Chinese ceramics were led by a Nineteenth Century famille rose jardiniére decorated with bats, endless knots and stylized lotus scrolls, which brought $15,210. A large covered jar, cataloged as “marked Kuang Hsu, and possibly of the period,” sold for $7,605. It was 17 inches tall and decorated with the “Hundred Butterflies” motif. An attractive Nineteenth Century 5-inch teapot with a mustard yellow monotone glaze realized $3,978. A cream-colored Thirteenth Century, Liao period, Tzu Chou stoneware vase, 14¼ inches tall, with brown decoration of children playing and flowers, achieved $7,020.
Josh Chamberlain, Chamberlain Antiques, Amherst, N.H., specializes in Asian antiques and discussed the sale a few days later. “I thought it was a very strong sale,” he said. “They did very well with prices. Nearly everything in the sale had good age. That’s not always the case. A lot of it was in the mid-level price range, and that’s easy to sell. Jim Callahan knows the material well, and made sure that it was right. He estimates conservatively, and I think that encourages buyers. High estimates turn off potential buyers. And estimating market value for Asian things today is tricky. The Chinese collectors are very aggressive and have no hesitancy in strongly going after what they want. Many are younger than the collectors at most Americana auctions, and they know what they want. They’re buying back their heritage. Several of the Asian buyers in the room work with dealers in New York and China, so they may be a little more willing to ‘reach’ for good items.” Interestingly, when Chamberlain was asked which was his favorite piece in the sale, he chose the same archaic bronze pot that Downer had said was his favorite.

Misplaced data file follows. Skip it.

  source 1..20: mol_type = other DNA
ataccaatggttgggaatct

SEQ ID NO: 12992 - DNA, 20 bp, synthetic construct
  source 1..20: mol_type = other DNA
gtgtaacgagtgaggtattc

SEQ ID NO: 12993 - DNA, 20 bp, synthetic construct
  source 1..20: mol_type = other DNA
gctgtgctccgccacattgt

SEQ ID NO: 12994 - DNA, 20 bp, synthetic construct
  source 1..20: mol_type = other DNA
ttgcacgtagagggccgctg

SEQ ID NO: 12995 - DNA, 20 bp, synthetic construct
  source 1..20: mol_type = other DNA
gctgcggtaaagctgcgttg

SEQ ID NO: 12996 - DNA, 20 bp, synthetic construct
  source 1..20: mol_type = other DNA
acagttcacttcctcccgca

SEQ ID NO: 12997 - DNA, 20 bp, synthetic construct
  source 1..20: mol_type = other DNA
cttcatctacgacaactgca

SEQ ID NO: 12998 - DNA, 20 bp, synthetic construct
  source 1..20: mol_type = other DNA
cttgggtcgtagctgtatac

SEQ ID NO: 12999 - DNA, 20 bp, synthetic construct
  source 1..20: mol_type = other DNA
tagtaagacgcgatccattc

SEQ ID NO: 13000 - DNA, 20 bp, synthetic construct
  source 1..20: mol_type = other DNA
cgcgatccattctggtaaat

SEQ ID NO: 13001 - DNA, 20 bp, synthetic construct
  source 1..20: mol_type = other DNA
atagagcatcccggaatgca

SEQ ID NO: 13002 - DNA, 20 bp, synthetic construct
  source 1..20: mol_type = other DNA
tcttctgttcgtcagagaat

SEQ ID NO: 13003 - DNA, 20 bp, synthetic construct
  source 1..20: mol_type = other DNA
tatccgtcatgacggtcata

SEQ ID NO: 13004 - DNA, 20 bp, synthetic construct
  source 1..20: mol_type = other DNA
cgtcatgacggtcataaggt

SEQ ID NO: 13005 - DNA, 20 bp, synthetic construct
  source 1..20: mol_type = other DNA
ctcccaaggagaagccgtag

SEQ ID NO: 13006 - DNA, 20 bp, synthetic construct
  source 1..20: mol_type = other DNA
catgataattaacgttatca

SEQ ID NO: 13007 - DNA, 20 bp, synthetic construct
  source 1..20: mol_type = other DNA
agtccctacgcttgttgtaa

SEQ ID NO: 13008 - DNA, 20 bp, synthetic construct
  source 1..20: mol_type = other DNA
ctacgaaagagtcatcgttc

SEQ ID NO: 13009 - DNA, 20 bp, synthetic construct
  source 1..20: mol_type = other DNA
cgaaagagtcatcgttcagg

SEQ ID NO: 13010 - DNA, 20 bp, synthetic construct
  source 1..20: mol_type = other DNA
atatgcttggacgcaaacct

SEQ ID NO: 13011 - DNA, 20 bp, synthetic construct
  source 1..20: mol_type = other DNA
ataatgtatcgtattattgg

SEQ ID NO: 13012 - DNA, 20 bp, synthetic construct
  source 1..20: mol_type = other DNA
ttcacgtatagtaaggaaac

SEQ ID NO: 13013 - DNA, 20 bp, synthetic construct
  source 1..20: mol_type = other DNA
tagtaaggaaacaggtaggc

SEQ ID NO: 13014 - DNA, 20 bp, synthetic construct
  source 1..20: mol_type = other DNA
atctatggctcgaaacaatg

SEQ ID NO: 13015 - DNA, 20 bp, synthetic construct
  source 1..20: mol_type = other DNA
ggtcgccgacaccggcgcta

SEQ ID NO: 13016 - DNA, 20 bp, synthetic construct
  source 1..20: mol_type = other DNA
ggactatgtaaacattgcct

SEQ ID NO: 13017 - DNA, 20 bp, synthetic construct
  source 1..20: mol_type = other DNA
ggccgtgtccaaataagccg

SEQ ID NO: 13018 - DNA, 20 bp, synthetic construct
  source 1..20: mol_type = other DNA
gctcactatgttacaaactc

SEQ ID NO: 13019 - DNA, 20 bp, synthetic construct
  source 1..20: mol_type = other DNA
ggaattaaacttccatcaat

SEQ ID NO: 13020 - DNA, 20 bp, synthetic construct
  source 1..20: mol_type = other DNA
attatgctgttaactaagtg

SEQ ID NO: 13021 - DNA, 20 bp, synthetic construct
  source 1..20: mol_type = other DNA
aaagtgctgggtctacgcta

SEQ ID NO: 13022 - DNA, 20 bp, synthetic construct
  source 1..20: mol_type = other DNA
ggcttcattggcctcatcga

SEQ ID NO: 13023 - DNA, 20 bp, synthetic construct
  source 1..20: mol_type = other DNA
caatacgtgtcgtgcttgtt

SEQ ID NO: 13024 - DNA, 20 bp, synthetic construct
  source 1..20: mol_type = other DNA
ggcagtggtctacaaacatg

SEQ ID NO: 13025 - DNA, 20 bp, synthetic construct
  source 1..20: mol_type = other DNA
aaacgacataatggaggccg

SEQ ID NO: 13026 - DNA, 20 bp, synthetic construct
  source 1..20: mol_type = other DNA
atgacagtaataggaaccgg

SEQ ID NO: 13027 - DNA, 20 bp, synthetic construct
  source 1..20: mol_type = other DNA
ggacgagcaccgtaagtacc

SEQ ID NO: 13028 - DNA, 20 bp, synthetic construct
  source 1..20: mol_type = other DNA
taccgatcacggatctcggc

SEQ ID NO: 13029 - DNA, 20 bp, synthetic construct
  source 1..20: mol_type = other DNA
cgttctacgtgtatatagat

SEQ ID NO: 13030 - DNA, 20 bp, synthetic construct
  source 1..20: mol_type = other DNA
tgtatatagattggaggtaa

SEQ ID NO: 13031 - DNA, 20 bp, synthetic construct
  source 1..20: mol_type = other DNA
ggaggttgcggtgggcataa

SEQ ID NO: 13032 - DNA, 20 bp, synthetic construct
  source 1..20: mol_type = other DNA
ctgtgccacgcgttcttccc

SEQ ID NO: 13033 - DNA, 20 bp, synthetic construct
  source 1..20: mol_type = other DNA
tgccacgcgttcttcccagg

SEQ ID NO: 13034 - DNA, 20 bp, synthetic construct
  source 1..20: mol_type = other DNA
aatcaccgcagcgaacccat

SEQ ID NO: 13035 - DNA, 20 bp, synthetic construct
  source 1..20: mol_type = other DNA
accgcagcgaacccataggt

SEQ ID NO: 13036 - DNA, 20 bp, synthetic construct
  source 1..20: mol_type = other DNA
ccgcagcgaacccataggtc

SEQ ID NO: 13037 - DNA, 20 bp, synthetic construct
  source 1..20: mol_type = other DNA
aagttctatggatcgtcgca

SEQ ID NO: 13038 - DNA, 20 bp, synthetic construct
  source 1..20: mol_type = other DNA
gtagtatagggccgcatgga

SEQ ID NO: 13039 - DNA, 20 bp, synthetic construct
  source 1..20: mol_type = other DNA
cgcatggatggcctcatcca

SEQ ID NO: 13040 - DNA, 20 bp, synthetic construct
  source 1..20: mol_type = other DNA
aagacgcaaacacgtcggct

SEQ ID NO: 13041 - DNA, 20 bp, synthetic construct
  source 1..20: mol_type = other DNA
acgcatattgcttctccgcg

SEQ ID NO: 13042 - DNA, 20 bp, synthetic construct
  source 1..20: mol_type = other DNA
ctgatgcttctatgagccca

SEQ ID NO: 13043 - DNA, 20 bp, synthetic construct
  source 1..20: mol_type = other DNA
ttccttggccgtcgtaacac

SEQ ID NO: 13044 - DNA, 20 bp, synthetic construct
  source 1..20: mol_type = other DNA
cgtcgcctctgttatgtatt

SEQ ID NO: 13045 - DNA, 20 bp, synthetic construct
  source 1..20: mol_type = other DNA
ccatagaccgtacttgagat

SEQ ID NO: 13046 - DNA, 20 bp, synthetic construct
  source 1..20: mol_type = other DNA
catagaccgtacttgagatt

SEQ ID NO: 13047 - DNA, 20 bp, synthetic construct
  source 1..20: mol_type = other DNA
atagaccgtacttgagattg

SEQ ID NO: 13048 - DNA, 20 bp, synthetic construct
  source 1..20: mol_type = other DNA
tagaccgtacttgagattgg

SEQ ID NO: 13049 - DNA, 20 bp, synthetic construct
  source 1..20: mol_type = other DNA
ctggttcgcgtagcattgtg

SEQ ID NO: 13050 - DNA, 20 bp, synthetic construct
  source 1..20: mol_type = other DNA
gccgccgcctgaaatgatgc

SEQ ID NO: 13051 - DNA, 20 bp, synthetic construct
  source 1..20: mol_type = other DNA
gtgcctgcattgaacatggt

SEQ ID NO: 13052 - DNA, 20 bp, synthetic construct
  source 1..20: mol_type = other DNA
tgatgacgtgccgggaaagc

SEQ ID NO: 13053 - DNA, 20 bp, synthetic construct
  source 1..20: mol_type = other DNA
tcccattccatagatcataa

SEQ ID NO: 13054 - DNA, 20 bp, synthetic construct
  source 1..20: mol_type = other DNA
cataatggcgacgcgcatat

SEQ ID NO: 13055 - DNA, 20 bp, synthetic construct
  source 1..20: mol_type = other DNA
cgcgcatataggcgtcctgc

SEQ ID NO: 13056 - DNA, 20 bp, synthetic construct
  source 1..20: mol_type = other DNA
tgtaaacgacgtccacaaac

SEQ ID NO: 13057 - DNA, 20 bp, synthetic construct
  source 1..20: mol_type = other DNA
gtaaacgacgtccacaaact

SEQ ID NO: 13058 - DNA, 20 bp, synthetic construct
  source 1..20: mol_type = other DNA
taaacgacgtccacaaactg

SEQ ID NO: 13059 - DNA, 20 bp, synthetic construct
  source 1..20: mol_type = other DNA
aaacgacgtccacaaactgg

Callahan had said that he was surprised at the high level of interest in Chinese material from the Twentieth Century. Late in the sale, there were two Twentieth Century ink and watercolor scrolls. One was a mountain landscape with a waterfall. It was signed Wei Zixi (1915-2002) and sold for $11,115. The other, similarly framed, was also signed, although the artist was not named, and it was dated 1978. It brought $53,820. Both had very low estimates. Also doing well was a Twentieth Century famille rose bowl with a Yung Cheng mark (of a much earlier period). It was decorated with peaches and bats and went out at $6,435. A Twentieth Century famille rose planter marked “China,” decorated with phoenixes and flowers, earned $1,117.
After the sale, Brett Downer said he agreed with Chamberlain’s comments about younger buyers. He said, “The demographics are different with Chinese buyers. They tend to be younger than the buyers at our Americana sales. They know what they want; they examine things carefully and form their own opinions of value. The catalog estimates are routinely exceeded. That’s fine. We were using three internet platforms, and the phone bidding was strong. There were a couple of times that I just stood there and watched as internet bidders competed with one another. There weren’t a lot of bidders in the room, but those that were there bid aggressively and bought several pieces. All in all, a good sale.”
Prices are given with buyer’s premium, as reported by the auction house. For information, www.tremontauctions.com or 617-795-1678.